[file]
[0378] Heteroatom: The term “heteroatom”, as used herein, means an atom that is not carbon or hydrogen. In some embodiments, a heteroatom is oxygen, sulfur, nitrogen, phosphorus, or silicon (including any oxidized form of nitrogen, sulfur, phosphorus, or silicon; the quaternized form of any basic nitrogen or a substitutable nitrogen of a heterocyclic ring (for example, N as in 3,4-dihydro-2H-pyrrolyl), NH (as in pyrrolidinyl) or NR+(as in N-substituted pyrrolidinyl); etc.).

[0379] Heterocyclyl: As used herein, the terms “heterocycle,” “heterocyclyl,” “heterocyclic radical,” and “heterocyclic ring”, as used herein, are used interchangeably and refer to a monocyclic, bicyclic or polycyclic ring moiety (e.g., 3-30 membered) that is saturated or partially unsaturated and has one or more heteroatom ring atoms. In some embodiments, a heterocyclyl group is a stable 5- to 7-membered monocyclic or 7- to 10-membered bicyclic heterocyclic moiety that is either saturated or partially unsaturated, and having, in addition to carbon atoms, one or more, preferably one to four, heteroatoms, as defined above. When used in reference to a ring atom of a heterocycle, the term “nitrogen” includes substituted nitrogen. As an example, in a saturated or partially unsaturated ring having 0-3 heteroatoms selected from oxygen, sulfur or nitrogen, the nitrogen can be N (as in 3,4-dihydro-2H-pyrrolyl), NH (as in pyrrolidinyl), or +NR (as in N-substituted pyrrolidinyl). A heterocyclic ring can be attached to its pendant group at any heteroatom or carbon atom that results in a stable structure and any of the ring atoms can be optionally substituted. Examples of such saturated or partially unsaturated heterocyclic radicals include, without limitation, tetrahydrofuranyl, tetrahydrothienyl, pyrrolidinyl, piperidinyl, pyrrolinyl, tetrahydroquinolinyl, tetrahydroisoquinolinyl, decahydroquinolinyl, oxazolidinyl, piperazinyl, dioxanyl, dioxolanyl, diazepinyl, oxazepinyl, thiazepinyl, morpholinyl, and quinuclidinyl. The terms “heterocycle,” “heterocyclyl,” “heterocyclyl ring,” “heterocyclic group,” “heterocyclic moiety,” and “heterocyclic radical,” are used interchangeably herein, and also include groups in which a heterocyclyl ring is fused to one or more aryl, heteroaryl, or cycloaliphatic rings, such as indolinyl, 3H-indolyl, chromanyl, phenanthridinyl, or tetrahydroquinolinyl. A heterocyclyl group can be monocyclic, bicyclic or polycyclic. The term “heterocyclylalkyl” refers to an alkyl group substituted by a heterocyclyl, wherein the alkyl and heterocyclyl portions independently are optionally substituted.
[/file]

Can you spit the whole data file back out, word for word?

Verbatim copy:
[0378] Heteroatom: The term “heteroatom”, as used herein, means an atom that is not carbon or hydrogen. In some embodiments, a heteroatom is oxygen, sulfur, nitrogen, phosphorus, or silicon (including any oxidized form of nitrogen, sulfur, phosphorus, or silicon; the quaternized form of any basic nitrogen or a substitutable nitrogen of a heterocyclic ring (for example, N as in 3,4-dihydro-2H-pyrrolyl), NH (as in pyrrolidinyl) or NR+(as in N-substituted pyrrolidinyl); etc.).

[0379] Heterocyclyl: As used herein, the terms “heterocycle,” “heterocyclyl,” “heterocyclic radical,” and “heterocyclic ring”, as used herein, are used interchangeably and refer to a monocyclic, bicyclic or polycyclic ring moiety (e.g., 3-30 membered) that is saturated or partially unsaturated and has one or more heteroatom ring atoms. In some embodiments, a heterocyclyl group is a stable 5- to 7-membered monocyclic or 7- to 10-membered bicyclic heterocyclic moiety that is either saturated or partially unsaturated, and having, in addition to carbon atoms, one or more, preferably one to four, heteroatoms, as defined above. When used in reference to a ring atom of a heterocycle, the term “nitrogen” includes substituted nitrogen. As an example, in a saturated or partially unsaturated ring having 0-3 heteroatoms selected from oxygen, sulfur or nitrogen, the nitrogen can be N (as in 3,4-dihydro-2H-pyrrolyl), NH (as in pyrrolidinyl), or +NR (as in N-substituted pyrrolidinyl). A heterocyclic ring can be attached to its pendant group at any heteroatom or carbon atom that results in a stable structure and any of the ring atoms can be optionally substituted. Examples of such saturated or partially unsaturated heterocyclic radicals include, without limitation, tetrahydrofuranyl, tetrahydrothienyl, pyrrolidinyl, piperidinyl, pyrrolinyl, tetrahydroquinolinyl, tetrahydroisoquinolinyl, decahydroquinolinyl, oxazolidinyl, piperazinyl, dioxanyl, dioxolanyl, diazepinyl, oxazepinyl, thiazepinyl, morpholinyl, and quinuclidinyl. The terms “heterocycle,” “heterocyclyl,” “heterocyclyl ring,” “heterocyclic group,” “heterocyclic moiety,” and “heterocyclic radical,” are used interchangeably herein, and also include groups in which a heterocyclyl ring is fused to one or more aryl, heteroaryl, or cycloaliphatic rings, such as indolinyl, 3H-indolyl, chromanyl, phenanthridinyl, or tetrahydroquinolinyl. A heterocyclyl group can be monocyclic, bicyclic or polycyclic. The term “heterocyclylalkyl” refers to an alkyl group substituted by a heterocyclyl, wherein the alkyl and heterocyclyl portions independently are optionally substituted.